WILMINGTON — The Frank Harr Foundation (FHF) has been a safe haven for the LGBTQIA community for 13 years. With a focus on education, inclusivity and social justice, it has expanded cultural diversity and equality across southeastern N.C. The foundation advocates for and offers various programs and services for LGBTQIA youth, families, seniors and the community at large.
As it continues to build alliances with community members, businesses, organizations, and others, it’s asking for feedback on its branding. Specifically, the nonprofit is on the hunt for a new name representative of its continued outreach.
“As beloved as Frank Harr was, we’ve come to realize that the foundation’s current name is not immediately identifiable as an LGBTQ-focused nonprofit,” FHF board chai Virginia Hager said in a release. “The time has come for a name that is in alignment with our mission, especially in this promising time when diversity, inclusion and equity are in the forefront”
Ken Cox founded the 501(c)(3) in 2008, to honor the passing of his partner and political activist, Frank Harr. Harr was a fighter for social justice and founding member of the local chapter of the Stone Wall Democrats. He also served on the board for CARE, which offered support to families facing the health hardships of HIV/AIDS. Harr also co-founded and co-chaired the annual AIDS benefit in Wilmington, as well as helped start the St. Jude Metropolitan Community Church.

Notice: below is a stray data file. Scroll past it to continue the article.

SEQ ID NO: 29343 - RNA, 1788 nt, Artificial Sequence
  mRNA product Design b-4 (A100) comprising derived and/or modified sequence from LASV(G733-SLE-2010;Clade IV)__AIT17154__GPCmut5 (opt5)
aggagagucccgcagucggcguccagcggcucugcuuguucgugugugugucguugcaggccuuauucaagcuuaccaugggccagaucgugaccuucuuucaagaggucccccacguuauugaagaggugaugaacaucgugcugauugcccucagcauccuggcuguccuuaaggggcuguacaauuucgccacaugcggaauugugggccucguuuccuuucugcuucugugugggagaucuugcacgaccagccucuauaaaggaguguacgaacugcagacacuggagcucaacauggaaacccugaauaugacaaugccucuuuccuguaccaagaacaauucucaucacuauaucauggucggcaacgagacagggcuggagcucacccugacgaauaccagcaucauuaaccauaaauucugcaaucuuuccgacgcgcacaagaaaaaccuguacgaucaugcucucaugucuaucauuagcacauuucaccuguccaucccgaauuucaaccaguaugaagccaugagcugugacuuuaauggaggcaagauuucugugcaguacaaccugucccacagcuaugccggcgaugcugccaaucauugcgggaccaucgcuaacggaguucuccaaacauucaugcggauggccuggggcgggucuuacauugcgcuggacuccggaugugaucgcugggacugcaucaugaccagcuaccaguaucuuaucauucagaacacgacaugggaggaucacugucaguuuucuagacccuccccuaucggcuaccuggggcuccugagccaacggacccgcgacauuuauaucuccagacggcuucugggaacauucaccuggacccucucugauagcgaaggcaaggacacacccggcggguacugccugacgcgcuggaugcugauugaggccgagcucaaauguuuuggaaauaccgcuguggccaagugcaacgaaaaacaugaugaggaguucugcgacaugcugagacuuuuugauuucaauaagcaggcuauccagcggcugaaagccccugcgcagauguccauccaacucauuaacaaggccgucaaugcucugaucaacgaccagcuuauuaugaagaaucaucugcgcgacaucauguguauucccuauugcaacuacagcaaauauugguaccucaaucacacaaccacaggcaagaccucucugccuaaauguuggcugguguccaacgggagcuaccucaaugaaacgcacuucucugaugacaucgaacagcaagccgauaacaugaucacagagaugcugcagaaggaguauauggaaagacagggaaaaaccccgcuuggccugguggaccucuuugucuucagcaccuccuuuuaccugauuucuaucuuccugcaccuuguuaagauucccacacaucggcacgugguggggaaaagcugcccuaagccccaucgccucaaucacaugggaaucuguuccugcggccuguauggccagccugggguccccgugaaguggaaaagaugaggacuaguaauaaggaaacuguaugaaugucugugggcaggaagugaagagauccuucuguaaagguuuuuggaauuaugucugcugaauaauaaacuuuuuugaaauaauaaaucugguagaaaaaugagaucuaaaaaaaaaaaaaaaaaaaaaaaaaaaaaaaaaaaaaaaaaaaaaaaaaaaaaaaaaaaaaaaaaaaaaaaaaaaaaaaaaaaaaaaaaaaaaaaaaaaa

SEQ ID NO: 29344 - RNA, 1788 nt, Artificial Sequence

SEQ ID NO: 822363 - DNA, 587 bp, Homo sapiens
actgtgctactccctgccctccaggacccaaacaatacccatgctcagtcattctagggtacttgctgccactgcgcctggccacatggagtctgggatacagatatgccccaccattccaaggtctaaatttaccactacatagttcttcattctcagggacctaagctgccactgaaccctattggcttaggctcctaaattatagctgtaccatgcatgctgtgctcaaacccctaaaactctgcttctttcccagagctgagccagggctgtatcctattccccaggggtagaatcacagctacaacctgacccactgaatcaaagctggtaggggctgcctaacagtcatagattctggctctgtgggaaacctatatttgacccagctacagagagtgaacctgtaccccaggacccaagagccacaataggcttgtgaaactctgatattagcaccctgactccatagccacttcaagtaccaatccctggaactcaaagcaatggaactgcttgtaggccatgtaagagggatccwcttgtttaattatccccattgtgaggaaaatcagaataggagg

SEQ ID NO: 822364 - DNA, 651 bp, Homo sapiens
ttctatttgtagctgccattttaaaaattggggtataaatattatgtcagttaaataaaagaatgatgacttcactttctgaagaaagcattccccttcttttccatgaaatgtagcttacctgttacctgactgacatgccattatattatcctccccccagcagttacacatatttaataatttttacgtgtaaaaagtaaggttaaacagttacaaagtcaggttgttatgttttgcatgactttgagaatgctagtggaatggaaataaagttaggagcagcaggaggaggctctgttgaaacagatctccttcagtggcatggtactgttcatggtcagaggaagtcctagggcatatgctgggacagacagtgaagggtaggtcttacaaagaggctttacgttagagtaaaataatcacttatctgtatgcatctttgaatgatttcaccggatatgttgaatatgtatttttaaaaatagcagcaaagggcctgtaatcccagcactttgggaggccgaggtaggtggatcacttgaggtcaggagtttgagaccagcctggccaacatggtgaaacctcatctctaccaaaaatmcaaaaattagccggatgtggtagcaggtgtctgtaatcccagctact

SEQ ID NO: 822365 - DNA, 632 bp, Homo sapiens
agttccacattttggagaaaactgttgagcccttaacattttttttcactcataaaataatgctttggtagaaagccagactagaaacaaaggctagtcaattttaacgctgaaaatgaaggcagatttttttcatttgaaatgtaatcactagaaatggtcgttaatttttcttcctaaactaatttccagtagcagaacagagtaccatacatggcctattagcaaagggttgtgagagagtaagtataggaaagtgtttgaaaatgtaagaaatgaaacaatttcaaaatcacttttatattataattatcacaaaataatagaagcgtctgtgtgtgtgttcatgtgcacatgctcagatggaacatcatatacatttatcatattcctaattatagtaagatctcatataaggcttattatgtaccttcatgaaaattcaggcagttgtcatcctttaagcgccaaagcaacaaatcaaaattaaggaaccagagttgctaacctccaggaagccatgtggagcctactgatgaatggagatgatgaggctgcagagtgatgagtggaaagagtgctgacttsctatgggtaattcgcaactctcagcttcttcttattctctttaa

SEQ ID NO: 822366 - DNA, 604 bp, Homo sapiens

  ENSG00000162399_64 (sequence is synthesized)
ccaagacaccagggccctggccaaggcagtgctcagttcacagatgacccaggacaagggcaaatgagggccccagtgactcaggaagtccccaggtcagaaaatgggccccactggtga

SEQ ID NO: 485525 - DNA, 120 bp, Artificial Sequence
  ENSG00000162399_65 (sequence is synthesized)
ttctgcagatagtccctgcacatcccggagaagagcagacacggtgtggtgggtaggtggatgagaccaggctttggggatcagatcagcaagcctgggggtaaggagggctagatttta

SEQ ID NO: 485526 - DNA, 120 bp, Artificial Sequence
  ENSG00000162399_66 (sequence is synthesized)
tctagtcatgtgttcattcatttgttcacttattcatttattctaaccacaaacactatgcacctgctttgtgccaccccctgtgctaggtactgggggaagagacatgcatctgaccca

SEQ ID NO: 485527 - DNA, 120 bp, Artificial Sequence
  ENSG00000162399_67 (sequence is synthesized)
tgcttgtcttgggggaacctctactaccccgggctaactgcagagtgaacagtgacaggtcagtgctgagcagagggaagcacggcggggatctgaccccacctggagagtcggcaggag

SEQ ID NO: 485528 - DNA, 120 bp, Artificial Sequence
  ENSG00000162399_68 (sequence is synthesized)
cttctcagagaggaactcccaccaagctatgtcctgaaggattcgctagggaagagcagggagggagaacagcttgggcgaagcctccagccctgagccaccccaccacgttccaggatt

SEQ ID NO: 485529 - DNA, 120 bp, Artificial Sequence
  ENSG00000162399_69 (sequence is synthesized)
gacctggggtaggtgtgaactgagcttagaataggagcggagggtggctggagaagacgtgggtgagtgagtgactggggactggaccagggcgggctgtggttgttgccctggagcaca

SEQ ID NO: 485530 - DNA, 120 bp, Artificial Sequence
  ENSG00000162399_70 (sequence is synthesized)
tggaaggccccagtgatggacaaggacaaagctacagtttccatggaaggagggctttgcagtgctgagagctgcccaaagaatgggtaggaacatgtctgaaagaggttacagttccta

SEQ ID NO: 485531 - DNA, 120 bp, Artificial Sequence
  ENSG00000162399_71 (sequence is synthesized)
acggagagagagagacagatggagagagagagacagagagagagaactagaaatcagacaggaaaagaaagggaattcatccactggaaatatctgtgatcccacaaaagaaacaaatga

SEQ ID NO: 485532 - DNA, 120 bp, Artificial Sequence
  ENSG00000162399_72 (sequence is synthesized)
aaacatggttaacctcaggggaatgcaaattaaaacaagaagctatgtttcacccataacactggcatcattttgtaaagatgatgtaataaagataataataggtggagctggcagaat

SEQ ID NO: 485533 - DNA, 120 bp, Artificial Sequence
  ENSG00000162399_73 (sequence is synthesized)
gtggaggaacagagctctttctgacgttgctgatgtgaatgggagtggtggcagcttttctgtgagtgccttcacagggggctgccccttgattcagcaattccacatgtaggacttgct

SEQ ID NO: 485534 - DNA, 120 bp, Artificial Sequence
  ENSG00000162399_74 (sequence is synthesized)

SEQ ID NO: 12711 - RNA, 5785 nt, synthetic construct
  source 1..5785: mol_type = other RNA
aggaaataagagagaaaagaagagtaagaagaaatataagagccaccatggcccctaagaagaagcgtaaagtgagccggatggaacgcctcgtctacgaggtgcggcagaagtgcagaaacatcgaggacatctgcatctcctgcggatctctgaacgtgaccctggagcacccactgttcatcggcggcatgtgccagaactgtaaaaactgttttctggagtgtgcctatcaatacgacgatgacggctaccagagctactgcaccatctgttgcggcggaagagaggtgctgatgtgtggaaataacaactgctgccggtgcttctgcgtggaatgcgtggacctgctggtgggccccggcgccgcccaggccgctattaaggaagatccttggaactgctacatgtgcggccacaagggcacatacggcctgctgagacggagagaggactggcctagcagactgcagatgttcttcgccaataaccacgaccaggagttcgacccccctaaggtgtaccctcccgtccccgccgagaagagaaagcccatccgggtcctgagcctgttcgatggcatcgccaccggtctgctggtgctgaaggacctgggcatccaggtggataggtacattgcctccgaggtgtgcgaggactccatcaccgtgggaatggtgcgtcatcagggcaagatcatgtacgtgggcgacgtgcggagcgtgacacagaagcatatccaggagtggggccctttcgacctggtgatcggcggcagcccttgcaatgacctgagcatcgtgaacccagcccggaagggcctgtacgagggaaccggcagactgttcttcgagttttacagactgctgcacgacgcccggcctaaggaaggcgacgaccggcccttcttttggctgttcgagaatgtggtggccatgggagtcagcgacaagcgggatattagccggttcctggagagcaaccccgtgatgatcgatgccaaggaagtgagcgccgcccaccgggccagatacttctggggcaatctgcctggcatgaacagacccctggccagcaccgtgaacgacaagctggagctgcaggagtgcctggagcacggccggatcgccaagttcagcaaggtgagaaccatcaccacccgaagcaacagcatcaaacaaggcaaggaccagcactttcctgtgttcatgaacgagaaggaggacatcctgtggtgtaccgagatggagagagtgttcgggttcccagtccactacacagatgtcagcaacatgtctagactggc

Harr worked closely with senators and political officials for causes near and dear to him, and was honored for his work by the Democratic Party with a Lifetime Achievement Award.
Over the last decade, the Frank Harr Foundation has brought numerous outreach programs to Wilmington. It hosts “safe zone” trainings that teach inclusivity to schools, businesses, nonprofits, civic and social organizations. It fosters AIDS awareness and even helped bring the AIDS Memorial Quilt to Wilmington a few years ago. The foundation has assisted with advocacy and services for LGBTQIA seniors through SAGE, hosted events — including beach blasts and youth proms — and also started a Wilmington Youth Pride Group.
To continue strengthening ties to its community, the foundation is now asking allies to weigh in on how it will imprint itself and deepen roots further into the future. The foundation wants a name “to focus on the needs of the Cape Fear LGBTQ community.”
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